- Rebbe Dostai bar Yannai says: Anyone who forgets [even] one thing from his Torah learning is regarded by Scripture as one who is liable for his life, as it is written “Only take care and guard your life with great care, lest you forget the things your eyes saw (at Sinai)…” (Devarim 4:9). It could be assumed to includes even one who forgot due to the difficulty of his studies. Therefore scripture teaches “Lest they be removed from your heart all the days of your life.” One does not incur liability unless he sits and deliberately removes them (the teachings) from his heart.
It has already been explained that by separating from something, one indicates an opposition to that thing, similar to the opposition that exists between fire which flees from water, since they are opposites. Torah is a spiritual/intellectual reality (“sichlith”), and as such it has a uniquely enduring existence. This contrasts with physical matter, which embodies fundamental deficiency and degeneration, as has been explained many times. (See Ch. 2 Mishnah 6)
One who separates from something manifests opposition to it. Therefore one who separates from the Torah manifests the opposite of real existence, for there is nothing that embodies existence and being more than Torah. This leads to the conclusion that one who forgets something from his Torah learning (which separates him from that Torah) is liable for his life (for he is in opposition to an enduring existence).
There is a difficulty that needs to be clarified. The Mishna’s default assumption that we should “include even one who forgot due to the difficulty of his studies,” (an assumption which is being negated from a proof-text) implies that we are about to exclude only one who forgot due to the difficulty of his studies. But one who was careless in reviewing his studies is obviously still included in the group of “forgetting something from his Torah learning” (with the consequences that entails). Yet, the conclusion of the Mishna states that he is not liable for his life unless he “deliberately removes from his heart” what he learned (implying that only intentional forgetting makes him liable, while natural forgetting, even due to his own failure to review, is excluded from the consequences). The correct default assumption, based on the conclusion of the Mishna, should have been worded “We would assume this includes even one who didn’t intentionally remove them from his heart (but forgot due to a lack of proper review).” (The Mishna seems inconsistent about the situation of one whose forgetting was due to his negligence in proper review.)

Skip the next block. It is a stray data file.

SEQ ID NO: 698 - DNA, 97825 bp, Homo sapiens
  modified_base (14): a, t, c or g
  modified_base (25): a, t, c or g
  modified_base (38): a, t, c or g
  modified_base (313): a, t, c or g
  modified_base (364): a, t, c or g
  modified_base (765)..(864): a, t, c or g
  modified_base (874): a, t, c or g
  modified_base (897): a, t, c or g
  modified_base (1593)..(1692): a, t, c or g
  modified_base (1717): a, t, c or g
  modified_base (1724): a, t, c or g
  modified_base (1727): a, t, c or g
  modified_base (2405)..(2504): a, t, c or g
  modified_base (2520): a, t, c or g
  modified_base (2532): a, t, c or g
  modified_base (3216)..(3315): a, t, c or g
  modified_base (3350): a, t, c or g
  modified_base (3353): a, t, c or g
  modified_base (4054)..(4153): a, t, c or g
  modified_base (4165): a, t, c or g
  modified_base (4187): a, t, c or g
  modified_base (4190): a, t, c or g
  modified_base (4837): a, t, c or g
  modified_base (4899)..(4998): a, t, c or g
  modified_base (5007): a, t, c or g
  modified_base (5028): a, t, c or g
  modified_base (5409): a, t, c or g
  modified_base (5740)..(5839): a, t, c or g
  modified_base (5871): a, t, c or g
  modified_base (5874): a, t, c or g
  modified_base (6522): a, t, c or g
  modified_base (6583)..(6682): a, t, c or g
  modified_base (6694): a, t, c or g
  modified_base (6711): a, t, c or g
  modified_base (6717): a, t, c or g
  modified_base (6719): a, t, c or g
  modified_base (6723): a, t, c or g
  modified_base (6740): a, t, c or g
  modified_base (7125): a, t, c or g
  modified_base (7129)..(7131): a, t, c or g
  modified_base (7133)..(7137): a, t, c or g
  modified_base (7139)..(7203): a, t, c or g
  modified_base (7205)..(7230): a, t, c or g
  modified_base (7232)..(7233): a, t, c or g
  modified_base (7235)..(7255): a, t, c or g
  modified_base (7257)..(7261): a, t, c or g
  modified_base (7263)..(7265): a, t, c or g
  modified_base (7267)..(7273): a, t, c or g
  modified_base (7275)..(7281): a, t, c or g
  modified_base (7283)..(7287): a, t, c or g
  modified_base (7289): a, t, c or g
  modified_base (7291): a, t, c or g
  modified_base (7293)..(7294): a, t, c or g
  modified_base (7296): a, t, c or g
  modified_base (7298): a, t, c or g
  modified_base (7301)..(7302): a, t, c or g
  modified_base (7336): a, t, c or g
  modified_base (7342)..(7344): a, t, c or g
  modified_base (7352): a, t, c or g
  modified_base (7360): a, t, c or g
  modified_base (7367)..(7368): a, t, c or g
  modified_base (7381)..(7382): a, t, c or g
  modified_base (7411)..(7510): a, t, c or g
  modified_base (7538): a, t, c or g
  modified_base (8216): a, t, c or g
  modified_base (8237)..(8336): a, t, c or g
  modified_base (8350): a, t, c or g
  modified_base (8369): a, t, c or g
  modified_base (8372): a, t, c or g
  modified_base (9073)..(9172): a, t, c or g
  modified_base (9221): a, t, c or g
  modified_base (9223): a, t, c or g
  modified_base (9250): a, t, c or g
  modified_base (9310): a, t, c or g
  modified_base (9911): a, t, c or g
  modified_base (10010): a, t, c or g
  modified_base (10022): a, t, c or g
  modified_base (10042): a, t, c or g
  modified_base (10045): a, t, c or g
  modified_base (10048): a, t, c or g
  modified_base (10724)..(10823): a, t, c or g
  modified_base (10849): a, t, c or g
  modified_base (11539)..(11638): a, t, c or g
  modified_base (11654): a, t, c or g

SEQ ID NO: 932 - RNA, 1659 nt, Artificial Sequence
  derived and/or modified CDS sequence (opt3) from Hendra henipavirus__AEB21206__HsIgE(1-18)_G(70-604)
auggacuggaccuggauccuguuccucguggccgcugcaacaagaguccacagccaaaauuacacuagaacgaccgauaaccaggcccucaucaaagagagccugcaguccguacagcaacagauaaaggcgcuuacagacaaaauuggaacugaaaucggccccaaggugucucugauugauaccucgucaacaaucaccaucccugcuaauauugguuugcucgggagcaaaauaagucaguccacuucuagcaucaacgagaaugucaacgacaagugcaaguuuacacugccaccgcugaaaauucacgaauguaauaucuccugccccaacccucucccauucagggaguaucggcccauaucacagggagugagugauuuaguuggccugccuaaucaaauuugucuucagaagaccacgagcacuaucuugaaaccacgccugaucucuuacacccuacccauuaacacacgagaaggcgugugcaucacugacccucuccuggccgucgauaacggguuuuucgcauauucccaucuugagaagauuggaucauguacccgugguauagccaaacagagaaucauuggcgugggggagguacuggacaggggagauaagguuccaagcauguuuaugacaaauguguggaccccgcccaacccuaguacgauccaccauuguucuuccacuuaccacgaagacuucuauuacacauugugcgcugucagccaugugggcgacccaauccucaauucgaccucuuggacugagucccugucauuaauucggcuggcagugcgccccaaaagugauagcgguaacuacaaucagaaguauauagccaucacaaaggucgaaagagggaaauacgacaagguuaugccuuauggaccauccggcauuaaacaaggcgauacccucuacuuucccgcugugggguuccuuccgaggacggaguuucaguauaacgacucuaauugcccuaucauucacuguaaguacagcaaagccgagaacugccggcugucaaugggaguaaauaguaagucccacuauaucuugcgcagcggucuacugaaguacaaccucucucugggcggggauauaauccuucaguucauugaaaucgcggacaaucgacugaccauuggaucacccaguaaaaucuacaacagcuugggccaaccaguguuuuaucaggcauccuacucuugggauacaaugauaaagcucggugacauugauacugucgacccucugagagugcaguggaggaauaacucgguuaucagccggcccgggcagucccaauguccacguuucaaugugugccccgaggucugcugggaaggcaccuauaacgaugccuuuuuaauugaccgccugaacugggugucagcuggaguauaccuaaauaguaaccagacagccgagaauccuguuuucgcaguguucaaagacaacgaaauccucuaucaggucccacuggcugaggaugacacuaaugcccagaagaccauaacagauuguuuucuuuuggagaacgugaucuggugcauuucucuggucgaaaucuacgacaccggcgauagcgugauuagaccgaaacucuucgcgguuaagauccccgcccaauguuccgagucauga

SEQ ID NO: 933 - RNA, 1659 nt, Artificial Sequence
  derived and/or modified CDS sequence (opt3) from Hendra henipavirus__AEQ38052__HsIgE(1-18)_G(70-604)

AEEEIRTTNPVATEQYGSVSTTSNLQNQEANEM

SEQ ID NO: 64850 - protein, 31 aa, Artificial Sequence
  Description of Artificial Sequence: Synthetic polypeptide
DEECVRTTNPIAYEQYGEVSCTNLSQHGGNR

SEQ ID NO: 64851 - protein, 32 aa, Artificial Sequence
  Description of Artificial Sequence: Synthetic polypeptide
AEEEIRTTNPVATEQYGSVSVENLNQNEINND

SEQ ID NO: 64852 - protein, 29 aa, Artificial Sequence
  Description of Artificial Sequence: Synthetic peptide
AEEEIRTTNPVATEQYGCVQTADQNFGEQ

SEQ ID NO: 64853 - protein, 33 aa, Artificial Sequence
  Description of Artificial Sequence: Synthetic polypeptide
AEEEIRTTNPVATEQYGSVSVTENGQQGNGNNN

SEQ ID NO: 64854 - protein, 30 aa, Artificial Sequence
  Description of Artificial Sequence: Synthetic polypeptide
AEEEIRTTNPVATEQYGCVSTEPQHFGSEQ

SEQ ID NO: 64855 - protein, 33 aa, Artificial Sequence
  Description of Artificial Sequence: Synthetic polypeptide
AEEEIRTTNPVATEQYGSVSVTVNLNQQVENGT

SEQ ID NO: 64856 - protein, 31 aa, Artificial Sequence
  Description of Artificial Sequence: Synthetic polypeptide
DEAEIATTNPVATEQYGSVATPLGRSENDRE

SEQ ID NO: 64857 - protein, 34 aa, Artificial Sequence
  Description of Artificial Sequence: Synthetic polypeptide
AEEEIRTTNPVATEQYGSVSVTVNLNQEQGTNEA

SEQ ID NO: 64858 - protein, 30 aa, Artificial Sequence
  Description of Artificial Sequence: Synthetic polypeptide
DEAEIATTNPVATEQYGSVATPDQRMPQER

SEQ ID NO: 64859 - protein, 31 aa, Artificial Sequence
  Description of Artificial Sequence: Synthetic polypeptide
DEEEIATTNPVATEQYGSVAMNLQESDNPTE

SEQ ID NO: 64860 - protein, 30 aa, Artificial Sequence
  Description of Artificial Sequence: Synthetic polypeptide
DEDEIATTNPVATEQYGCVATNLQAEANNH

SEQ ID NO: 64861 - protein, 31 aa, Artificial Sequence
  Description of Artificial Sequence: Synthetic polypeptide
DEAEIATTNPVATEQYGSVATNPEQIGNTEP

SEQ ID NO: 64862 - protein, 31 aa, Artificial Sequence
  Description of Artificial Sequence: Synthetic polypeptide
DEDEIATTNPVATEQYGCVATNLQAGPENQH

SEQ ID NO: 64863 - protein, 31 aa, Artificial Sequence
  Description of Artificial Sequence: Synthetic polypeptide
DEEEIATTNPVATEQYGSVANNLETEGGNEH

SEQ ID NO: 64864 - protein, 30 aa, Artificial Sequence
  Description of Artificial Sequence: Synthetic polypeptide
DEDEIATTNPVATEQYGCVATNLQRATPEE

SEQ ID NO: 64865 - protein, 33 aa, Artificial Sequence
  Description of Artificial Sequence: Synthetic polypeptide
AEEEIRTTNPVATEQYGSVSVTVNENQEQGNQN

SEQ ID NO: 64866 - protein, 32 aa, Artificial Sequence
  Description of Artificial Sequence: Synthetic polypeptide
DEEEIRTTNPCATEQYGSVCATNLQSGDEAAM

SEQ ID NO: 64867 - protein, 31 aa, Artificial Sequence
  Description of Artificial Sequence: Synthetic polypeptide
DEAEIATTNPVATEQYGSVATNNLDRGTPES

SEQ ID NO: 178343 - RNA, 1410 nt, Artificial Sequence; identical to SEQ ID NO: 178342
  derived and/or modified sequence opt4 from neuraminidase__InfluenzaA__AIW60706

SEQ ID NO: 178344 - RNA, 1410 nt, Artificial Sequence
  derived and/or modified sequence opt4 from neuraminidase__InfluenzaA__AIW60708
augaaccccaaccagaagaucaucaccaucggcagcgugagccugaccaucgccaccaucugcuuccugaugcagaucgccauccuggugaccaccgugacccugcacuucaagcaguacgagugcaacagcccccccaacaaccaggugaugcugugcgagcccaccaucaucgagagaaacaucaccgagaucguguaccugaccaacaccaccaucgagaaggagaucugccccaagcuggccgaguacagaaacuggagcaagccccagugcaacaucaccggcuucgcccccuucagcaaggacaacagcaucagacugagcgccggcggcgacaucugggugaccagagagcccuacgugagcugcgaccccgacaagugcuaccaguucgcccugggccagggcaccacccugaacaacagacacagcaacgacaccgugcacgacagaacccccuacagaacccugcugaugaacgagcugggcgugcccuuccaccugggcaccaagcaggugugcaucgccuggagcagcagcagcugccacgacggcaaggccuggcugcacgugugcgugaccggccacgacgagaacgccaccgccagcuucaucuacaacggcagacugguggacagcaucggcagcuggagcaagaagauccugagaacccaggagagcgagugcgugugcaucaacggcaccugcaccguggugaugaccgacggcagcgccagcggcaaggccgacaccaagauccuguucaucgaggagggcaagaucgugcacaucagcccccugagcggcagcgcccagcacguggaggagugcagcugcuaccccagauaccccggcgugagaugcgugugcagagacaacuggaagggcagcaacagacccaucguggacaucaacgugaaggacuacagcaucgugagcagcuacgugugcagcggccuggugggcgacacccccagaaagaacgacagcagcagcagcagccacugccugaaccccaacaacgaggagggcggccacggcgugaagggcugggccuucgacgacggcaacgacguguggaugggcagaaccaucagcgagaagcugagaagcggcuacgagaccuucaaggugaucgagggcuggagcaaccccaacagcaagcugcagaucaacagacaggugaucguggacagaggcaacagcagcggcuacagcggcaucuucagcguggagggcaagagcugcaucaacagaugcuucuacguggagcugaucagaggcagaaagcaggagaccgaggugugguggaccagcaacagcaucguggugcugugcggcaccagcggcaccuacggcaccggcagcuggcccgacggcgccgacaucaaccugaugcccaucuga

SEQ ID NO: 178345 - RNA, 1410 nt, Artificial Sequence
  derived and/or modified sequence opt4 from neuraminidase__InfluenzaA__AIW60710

The difficulty is resolved with the following understanding. The words in the opening of the verse “…lest you forget…” appear to refer to all situations that result in forgetting (with no implication that it is limited to active removal/forgetting). This generates the opening default that “this includes even one who forgot due to the difficulty of his studies.” The Mishna then teaches that since the conclusion of the verse used the phrase “lest you remove” (implying intent) rather than the expected “lest you forget” (implying consequences for any source of forgetting, which would have been consistent with the implication of the opening phrase) we are being taught that one is not liable unless he (actively) removes what he learned from his heart. Despite the use of the word “yasuru” implying that it is being removed (passively), instead of writing “pen tasireim”, translated as “lest you remove them” implying an active removal, the text still implies that there is one who is removing what was learned – the person himself – which implies some dimension of proactivity which makes him liable).
Why didn’t the verse in fact write “lest you remove them,” which would have correctly implied the need for proactive removal? Because if he sits and turns his heart to “time wasters” (which leads to forgetting through lack of review) he is in fact liable for his life, even if he didn’t intend to actively remove/forget his Torah knowledge. This is why the Mishna used the words “until he sits and removes them from his heart” rather than simply “until he removes them from his heart.” It is sufficient that he turns his heart to time wasters (implied by the word “sits,” implying a dimension of preparation) even if he doesn’t intend that the result be the removal/forgetting of the Torah.
(Our society is blessed with a proliferation of diversionary and recreational activities. Thought must be given by each individual to ensure that when one chooses to engage in those activities, this isn’t “poneh libo l’vatala,” turning his heart to time wasting in the words of the Maharal, with the serious consequences implied by our Mishna.)
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